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For decades, hip-hop artists have engaged in their own brand of fusion by drawing on the canons of jazz greats such as Dizzy Gillespie, whose “Night in Tunisia” was sampled in the 1989 Gang Starr standard-setter “Words I Manifest.” Usually, though, these icons have been passive participants in the process, as opposed to helping to shape new works. But legendary saxophonist Archie Shepp is a key contributor to Ocean Bridges, which teams him with nephew Jason Moore, a.k.a. rapper Raw Poetic, and producer/DJ Earl “Damu the Fudgemunk” Davis, and his bold aesthetic clearly inspired this fascinatingly free-form exploration of the places where the genres intersect.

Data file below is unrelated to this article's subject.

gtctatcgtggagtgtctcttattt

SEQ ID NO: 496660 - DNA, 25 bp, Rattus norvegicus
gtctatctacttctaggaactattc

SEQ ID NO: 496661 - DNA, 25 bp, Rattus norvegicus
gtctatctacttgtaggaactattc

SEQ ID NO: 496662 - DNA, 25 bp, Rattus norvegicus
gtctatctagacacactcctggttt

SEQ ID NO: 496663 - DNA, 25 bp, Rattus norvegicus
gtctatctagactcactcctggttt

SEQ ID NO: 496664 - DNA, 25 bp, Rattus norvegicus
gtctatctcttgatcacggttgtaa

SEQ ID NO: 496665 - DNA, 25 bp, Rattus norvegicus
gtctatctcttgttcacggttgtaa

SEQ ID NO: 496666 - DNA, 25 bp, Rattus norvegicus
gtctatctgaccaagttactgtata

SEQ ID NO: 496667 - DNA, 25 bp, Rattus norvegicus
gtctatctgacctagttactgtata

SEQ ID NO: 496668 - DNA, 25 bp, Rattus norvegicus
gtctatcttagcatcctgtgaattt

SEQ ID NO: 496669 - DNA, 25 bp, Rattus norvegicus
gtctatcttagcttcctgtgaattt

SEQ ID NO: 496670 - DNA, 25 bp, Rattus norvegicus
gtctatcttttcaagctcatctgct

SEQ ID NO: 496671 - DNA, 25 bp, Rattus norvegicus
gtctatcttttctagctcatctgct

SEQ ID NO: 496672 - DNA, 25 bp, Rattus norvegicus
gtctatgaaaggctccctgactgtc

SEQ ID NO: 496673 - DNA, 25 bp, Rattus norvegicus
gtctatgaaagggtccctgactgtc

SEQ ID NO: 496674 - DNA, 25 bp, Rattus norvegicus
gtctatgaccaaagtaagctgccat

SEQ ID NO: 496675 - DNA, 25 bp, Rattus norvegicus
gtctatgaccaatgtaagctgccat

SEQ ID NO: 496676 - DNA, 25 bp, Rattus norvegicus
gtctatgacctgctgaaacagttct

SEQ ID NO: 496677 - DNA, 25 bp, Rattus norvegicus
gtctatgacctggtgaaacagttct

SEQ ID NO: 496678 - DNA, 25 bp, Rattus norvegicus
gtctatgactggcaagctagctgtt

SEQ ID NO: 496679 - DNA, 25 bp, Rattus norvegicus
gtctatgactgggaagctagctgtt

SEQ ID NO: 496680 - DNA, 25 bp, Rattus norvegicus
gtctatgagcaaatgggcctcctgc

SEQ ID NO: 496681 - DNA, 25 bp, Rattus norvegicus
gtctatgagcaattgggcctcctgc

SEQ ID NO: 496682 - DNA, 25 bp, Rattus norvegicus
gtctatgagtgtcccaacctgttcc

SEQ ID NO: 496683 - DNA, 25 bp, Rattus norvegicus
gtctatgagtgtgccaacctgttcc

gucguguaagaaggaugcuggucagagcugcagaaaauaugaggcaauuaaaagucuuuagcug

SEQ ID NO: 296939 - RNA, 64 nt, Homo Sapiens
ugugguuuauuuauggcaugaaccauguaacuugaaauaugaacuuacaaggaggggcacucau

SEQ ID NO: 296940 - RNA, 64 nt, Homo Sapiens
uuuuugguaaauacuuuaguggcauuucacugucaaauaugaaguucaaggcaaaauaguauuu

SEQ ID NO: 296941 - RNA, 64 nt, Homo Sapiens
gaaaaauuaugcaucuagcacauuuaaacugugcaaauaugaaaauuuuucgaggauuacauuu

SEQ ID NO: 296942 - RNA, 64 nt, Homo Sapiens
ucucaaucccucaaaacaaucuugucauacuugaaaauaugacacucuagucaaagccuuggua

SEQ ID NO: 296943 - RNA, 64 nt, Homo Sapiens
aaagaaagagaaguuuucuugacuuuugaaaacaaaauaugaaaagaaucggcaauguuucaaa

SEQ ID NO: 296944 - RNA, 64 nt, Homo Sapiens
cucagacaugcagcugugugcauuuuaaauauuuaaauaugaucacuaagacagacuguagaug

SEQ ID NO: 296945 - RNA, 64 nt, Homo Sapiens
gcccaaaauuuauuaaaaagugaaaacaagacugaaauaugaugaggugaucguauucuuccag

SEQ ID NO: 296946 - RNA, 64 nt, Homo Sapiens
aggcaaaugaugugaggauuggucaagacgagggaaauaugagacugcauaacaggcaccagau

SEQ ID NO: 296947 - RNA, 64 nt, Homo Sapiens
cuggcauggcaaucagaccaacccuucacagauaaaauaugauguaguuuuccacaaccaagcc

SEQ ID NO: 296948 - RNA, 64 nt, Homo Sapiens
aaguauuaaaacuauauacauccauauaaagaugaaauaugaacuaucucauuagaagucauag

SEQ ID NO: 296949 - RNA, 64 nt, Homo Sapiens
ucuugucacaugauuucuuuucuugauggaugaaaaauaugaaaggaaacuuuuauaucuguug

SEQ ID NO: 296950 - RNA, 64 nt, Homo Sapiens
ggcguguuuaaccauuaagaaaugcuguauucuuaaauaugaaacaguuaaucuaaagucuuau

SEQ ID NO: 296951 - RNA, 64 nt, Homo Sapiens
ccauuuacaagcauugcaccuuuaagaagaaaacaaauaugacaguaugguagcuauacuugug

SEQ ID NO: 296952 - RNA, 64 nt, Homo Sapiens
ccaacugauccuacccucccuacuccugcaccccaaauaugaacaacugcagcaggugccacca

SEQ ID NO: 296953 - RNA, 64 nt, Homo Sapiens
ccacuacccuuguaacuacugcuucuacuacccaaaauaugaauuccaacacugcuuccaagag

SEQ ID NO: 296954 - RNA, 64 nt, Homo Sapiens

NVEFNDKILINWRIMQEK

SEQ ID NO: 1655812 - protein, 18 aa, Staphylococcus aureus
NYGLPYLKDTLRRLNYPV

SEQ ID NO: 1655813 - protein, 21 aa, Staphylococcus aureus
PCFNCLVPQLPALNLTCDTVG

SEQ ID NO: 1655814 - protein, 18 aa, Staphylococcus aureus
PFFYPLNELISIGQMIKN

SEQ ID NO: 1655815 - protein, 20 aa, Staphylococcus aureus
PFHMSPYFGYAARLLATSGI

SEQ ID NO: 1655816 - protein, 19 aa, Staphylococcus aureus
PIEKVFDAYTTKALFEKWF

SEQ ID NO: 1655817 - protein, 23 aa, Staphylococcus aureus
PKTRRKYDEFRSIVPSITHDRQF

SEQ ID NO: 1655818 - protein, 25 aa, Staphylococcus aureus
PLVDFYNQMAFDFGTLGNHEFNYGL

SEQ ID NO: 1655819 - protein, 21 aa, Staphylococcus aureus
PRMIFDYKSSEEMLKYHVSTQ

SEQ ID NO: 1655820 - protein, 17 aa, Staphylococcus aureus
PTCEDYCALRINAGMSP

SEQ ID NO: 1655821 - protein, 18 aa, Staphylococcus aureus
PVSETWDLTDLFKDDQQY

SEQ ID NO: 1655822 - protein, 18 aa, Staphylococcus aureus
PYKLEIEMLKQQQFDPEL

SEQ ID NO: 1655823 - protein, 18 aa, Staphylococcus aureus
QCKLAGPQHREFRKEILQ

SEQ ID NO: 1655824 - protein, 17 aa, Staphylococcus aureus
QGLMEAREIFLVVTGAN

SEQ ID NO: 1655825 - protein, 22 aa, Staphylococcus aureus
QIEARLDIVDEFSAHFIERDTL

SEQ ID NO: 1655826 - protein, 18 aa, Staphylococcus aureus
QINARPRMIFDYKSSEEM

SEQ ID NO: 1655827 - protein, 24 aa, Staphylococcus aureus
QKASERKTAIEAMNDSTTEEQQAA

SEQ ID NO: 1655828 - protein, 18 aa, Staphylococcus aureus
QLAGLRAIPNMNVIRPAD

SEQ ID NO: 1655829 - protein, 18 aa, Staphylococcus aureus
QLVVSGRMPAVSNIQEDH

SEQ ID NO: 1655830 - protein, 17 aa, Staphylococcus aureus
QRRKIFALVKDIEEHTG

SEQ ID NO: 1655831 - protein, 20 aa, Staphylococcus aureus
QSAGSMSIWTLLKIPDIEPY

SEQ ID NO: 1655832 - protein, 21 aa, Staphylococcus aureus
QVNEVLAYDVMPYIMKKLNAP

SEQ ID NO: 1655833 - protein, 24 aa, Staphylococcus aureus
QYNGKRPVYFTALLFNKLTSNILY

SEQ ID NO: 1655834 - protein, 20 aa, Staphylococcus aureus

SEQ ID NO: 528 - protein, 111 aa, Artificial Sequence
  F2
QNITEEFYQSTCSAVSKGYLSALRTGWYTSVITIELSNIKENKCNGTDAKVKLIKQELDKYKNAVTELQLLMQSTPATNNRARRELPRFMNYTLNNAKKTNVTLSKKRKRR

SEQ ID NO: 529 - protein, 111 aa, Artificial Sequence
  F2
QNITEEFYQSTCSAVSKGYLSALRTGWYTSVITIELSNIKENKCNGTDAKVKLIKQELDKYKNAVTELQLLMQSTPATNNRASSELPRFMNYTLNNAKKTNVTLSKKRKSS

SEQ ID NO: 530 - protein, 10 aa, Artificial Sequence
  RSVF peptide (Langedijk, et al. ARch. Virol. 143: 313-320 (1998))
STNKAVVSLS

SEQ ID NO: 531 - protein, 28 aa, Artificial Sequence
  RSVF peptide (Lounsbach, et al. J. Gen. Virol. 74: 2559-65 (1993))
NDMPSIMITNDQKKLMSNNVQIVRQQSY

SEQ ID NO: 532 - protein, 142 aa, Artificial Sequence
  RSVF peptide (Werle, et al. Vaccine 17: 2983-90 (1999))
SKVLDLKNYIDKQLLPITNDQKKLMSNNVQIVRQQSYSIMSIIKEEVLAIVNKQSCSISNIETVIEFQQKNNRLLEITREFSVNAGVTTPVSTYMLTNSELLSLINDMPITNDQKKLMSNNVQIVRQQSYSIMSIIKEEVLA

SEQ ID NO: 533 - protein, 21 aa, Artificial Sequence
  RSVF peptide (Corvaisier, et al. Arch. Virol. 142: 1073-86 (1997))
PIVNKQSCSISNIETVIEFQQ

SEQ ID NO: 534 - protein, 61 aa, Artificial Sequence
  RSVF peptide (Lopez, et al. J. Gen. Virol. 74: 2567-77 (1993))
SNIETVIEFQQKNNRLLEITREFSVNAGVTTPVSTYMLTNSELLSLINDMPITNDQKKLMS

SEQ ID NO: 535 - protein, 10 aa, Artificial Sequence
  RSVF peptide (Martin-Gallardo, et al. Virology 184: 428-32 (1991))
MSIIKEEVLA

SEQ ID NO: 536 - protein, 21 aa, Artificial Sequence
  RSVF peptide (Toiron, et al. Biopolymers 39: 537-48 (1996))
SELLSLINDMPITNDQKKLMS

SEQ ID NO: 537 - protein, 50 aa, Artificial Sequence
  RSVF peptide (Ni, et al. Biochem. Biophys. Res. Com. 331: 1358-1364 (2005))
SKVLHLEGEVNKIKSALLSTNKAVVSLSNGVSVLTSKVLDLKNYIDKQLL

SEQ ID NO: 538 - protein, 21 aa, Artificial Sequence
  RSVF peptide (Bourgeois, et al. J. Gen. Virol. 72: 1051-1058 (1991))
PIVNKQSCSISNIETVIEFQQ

The casually linked pieces are based on musical improvisation by Shepp and a gifted group of collaborators. Davis contributes on drums and vibraphone in addition to turntable-scratching, and he’s joined by guitarist Pat Fritz, bassist Luke Stewart, tenor saxophonist/percussionist Jamal Moore, drummer/percussionist Bashi Rose and Aaron Gause, whose playing on synthesizer and Wurlitzer electric piano generates an irresistibly funky atmosphere. But Shepp stands out, particularly on a series of seven tracks dubbed “Professor Shepp’s Agenda,” during which he delivers the raw, unfiltered emotion (along with occasional pointed commentary) that’s long been his stock in trade.Just as vital are Shepp’s efforts on tunes in which lyrics are at the forefront. Moore’s fierce rhymes on tunes such as “Sugar Coat It,” in which he spits about “gunshots, bullets that grip air/despair, love in violent air,” underscore a socially conscious kinship with the man who made recordings such as Attica Blues. And Shepp obviously feels the connection. On “Aperture,” his sax blasts goad Moore to even greater heights, resulting in a sonic blend that erases the distance between generations and musical styles. All that remains is passion, and it’s beautiful. — Michael Roberts LISTEN OR BUY: